Devoted to Chiropractic:
In Memory of
Reginald R. Gold, D.C., Ph.C., referred to simply yet reverently as “Reggie” by most, died at his Bala Cynwyd, PA, home on March 24, 2012. A lecturer, philosopher, author and Sherman College benefactor, Gold traveled the globe spreading the chiropractic message and is responsible for inspiring hundreds, likely thousands, of people of all ages to pursue careers in chiropractic. He is survived by his wife of more than 50 years, Irene Gold, D.C.
“Reggie did so much to advance the profession and Sherman College,” says Sherman President Jon Schwartzbauer, D.C. “We may never see another in our profession with the ability to communicate chiropractic so clearly and effectively. Reggie touched so many lives, including mine. He will be deeply missed.”
A charismatic chiropractic scholar and philosopher, Reggie Gold graduated as valedictorian, magna cum laude, from Palmer School of Chiropractic in 1957 and served in various leadership capacities in state and national organizations. He also held a Doctor of Chiropractic Humanities (Ph.C.) from Palmer. Gold’s practice in Spring Valley, NY, was a model for chiropractic practices around the world for many years; he developed and successfully marketed a series of techniques and products to help chiropractors gain patient confidence and build their practices.
Gold assisted in the startup of Sherman College, helped establish and served as first president of ADIO Institute which later became Pennsylvania College of Chiropractic, taught philosophy at three chiropractic colleges (including Sherman, from 1973-76) and lectured at most of the others. He is author of The Triune of Life, a treatise on traditional chiropractic philosophy that is used as a reference text in philosophy courses at Sherman College.
In addition, he lectured at medical schools from Mount Sinai to Stanford, as well as educational institutions overseas in South Africa, Australia and Peru. Gold was instrumental in founding the International Federation of Chiropractors and Organizations (formerly FSCO) and introduced the profession to a clearer philosophical understanding of chiropractic.
He was a popular visiting scholar at Sherman College, and through the years he played a vital role in the college’s recruitment efforts. He spoke many times at the college’s annual Career Day program.
Sherman College commissioned a bronze sculpture in his honor that is housed in the Scallon Building atrium and reception area. Unveiled during Lyceum 2007, the bust sits atop a tall pedestal near the front entrance and bears one of Gold’s popular quotes on the inscription: “If you are not out to change the world, everything else is Mickey Mouse.”
Gold and his wife, Irene, a chiropractor and owner and leader of Irene Gold Associates, made a generous gift to Sherman College when they gave $1 million in the form of a charitable gift annuity in 2007. “Our lives have been dedicated to the chiropractic profession and to the education of chiropractors worldwide,” Gold said at the time. “Sherman is home to outstanding faculty, alumni and students. It is an honor to support the next generations of straight chiropractors.”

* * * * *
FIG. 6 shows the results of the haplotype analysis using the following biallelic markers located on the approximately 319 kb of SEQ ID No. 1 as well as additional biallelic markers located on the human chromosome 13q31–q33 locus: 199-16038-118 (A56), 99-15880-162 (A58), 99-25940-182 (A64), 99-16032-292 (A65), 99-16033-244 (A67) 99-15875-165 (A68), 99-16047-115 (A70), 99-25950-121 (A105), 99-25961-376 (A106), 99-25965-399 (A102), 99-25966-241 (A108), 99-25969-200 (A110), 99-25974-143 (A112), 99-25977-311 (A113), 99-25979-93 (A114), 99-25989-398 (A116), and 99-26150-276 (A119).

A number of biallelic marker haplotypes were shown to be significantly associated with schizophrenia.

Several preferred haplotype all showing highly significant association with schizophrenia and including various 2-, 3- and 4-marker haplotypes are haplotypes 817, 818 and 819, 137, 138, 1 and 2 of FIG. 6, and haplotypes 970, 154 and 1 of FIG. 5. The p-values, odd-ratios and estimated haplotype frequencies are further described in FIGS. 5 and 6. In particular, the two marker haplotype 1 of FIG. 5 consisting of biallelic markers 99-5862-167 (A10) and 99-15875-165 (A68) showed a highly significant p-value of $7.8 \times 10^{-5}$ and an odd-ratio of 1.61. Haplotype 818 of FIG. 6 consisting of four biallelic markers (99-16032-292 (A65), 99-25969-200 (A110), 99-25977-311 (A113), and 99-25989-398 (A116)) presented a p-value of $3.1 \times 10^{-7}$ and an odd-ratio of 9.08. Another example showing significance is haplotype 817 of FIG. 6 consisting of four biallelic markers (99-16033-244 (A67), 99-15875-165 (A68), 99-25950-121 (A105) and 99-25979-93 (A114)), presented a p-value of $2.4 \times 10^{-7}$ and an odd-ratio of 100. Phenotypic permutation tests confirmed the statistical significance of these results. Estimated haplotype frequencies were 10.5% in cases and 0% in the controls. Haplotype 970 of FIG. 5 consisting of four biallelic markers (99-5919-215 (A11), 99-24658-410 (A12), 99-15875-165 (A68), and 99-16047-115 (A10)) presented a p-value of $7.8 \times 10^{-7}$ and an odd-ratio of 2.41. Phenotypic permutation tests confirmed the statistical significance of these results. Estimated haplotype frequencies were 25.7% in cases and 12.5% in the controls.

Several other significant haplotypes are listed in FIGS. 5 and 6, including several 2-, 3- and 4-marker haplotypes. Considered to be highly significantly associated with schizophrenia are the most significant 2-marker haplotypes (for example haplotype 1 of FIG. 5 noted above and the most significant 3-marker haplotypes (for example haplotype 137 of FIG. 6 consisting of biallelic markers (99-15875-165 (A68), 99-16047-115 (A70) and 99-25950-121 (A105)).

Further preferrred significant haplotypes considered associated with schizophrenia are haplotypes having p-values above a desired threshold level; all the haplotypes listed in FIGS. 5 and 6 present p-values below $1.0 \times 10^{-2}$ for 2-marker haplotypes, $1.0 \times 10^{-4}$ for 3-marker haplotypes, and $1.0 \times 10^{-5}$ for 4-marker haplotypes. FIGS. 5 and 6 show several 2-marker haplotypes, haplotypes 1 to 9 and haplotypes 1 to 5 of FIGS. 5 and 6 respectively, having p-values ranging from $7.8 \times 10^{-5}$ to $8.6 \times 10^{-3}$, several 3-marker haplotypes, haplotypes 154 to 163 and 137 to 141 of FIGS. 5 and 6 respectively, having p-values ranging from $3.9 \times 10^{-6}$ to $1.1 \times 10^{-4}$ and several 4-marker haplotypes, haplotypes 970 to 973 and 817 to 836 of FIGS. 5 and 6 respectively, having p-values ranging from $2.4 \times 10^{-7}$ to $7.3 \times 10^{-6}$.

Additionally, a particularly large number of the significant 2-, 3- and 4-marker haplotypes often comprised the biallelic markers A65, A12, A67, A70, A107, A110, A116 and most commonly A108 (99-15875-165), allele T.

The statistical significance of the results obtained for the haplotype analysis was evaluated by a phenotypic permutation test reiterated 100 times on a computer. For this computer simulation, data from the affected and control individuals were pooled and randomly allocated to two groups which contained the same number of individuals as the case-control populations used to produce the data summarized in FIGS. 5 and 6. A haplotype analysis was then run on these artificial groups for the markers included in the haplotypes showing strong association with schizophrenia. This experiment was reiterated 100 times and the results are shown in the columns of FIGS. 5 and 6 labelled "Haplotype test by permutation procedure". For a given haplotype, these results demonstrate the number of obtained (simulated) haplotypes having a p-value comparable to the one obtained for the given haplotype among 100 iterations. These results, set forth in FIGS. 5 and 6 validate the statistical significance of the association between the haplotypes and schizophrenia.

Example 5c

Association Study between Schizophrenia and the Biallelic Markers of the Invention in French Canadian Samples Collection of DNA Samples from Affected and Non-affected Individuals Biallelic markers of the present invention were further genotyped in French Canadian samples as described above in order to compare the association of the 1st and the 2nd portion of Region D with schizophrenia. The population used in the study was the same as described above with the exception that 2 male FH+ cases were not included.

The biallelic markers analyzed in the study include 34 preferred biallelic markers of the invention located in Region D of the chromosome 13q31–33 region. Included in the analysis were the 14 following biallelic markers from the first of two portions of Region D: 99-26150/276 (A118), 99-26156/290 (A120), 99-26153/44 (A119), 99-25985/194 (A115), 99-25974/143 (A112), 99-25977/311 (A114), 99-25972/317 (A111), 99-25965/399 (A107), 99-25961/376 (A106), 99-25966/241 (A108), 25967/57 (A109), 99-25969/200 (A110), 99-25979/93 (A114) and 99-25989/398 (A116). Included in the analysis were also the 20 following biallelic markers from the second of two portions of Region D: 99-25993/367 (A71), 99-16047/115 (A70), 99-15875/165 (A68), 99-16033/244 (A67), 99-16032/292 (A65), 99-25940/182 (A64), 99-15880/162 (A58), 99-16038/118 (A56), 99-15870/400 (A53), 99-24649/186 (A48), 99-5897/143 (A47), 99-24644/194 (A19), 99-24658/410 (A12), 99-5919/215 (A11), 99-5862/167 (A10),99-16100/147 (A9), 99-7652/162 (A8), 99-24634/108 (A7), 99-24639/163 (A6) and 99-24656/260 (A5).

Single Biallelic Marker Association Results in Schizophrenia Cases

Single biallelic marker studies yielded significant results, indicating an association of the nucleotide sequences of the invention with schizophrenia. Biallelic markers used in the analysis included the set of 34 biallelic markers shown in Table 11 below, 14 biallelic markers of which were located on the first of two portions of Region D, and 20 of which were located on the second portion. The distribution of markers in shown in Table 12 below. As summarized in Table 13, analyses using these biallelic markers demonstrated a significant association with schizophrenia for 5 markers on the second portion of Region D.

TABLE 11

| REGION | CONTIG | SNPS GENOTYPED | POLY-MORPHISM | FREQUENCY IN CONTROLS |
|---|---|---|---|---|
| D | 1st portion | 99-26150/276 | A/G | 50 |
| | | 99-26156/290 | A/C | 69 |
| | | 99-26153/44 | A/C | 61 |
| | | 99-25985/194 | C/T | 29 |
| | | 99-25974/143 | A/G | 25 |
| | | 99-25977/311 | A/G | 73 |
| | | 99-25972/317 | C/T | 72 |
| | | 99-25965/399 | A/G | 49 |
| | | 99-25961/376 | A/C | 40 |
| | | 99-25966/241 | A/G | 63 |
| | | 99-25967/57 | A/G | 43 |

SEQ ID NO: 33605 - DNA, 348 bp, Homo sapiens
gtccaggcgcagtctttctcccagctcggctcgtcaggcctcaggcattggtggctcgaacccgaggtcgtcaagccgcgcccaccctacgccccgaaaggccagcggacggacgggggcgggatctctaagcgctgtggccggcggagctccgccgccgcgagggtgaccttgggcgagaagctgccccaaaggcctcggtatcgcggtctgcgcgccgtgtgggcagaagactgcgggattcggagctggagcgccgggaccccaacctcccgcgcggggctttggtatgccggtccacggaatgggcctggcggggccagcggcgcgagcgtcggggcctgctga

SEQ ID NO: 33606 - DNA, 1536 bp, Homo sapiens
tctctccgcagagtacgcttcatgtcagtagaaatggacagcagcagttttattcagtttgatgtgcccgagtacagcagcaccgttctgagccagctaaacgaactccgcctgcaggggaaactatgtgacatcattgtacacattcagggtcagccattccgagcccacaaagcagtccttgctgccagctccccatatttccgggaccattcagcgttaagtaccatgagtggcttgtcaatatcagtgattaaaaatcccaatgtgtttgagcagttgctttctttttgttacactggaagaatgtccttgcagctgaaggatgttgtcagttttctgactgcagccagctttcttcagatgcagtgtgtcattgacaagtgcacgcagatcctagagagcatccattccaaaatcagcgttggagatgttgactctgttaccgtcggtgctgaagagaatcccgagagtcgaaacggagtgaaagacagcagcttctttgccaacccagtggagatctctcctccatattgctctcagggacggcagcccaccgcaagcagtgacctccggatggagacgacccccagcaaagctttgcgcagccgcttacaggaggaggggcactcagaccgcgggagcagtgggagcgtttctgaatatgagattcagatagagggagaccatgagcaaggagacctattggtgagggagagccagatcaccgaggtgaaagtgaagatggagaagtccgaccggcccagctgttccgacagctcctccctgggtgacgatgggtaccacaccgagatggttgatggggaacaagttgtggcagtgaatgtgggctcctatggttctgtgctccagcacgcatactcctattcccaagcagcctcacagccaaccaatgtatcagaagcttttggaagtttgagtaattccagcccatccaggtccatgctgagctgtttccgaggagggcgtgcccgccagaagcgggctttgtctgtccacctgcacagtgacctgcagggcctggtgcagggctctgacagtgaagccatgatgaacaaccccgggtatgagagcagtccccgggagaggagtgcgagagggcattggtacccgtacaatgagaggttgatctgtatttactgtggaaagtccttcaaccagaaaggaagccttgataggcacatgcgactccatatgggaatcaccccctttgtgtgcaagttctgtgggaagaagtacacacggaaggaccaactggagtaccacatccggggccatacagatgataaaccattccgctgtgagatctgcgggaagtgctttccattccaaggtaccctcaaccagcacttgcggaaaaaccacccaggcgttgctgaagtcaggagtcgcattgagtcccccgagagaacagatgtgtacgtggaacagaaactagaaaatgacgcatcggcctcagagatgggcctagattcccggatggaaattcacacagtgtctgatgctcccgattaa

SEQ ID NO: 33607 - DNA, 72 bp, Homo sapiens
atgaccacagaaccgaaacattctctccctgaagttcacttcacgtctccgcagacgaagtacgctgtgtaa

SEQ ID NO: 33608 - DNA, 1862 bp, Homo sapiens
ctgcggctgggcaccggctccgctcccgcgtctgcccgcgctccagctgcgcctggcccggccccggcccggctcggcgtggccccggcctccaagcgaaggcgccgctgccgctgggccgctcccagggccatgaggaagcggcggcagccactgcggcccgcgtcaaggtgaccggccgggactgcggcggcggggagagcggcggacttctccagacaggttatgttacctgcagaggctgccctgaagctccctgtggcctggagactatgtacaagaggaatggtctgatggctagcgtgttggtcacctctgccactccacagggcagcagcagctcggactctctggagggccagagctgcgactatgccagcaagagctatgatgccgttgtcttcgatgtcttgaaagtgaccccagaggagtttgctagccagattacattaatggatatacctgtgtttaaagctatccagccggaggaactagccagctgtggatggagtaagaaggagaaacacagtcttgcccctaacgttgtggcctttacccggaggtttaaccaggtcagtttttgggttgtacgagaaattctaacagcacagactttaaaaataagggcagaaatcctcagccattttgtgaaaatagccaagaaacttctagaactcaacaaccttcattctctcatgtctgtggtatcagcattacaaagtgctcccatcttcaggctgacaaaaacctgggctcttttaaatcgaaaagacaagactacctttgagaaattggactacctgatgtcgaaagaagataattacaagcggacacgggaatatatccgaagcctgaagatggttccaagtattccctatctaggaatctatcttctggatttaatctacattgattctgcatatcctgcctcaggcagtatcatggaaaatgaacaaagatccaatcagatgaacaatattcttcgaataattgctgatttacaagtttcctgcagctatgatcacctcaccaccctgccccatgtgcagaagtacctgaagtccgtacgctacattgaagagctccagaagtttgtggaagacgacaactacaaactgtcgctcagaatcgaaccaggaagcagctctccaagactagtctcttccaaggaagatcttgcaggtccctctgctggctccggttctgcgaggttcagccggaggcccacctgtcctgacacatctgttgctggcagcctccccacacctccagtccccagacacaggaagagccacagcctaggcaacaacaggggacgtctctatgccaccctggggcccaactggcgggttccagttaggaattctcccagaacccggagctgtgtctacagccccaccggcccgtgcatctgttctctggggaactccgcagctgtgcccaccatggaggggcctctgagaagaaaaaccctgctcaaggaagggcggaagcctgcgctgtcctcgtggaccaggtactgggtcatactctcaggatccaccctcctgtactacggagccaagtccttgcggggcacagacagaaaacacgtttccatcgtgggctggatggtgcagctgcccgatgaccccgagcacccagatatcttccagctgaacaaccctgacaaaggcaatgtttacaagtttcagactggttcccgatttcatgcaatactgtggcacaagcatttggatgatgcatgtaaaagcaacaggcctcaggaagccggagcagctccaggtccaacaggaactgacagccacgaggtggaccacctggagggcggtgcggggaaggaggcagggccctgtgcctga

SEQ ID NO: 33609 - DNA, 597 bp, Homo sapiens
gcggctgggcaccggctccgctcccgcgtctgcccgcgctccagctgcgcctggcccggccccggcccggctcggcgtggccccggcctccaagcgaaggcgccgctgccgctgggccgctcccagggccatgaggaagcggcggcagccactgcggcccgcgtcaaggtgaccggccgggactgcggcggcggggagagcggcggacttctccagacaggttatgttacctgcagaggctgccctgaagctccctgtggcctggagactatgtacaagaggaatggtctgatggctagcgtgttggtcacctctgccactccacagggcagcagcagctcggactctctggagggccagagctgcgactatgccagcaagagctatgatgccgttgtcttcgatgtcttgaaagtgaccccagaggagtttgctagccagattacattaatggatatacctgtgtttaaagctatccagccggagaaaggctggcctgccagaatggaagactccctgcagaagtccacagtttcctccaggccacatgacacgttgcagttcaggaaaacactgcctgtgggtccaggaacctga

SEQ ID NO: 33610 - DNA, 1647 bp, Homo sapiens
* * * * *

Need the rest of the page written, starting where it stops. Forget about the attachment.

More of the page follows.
At the request of the family, memorial donations may be made to Sherman College of Chiropractic, PO Box 1452, Spartanburg, SC 29304, 864-578-8770, ext 277 or 240.
Reggie was a guiding light in my life for over forty years.
My love of chiropractic was strong but after hearing him speak in 1971 it became my passion. His understanding of and ability to communicate about chiropractic was so inspiring that for many years I could not sleep if I did not tell the chiropractic story every day.
He gave seminars in New Zealand and would stay at our home. I had the honor of not only cooking him roast lamb and mint sauce but also to sit and listen to him for extended periods of time soaking up all his wonderful words.
Later when I taught Chiropractic philosophy in California he was always available when I called with a challenge.
Rest in Peace, Reggie, you lived a life that was so rich in giving to all who listened and learned the simplicity and beauty of the chiropratic message you articulated so well.
I am proud to have known you and shared a little in your life. Thank you so much.
My thoughts and love are with Irene.
--Janine Dubke (Dobson)
Dr. Reginald R. Gold will forever be remembered as the pioneer who took our principle and delivered it straight to the public through lectures, television, radio, and whatever it took to save lives. Directly and indirectly, tens of millions of people were introduced to chiropractic care thanks to Reggie Gold. Whether they realize it or not, all chiropractors that have ever delivered patient orientations, been on radio or TV, or defended the chiropractic principle in public forums owe so much to Reggie for leading the way. Reggie Gold will forever be remembered, quite simply, as the greatest communicator in the history of our profession.
B.J. Hardick, D.C.
One of our greatest pioneers in chiropractic has passed on. Peaceful passing my friend and thank you... for everything you have done to make our world a better place to live and thrive!!!
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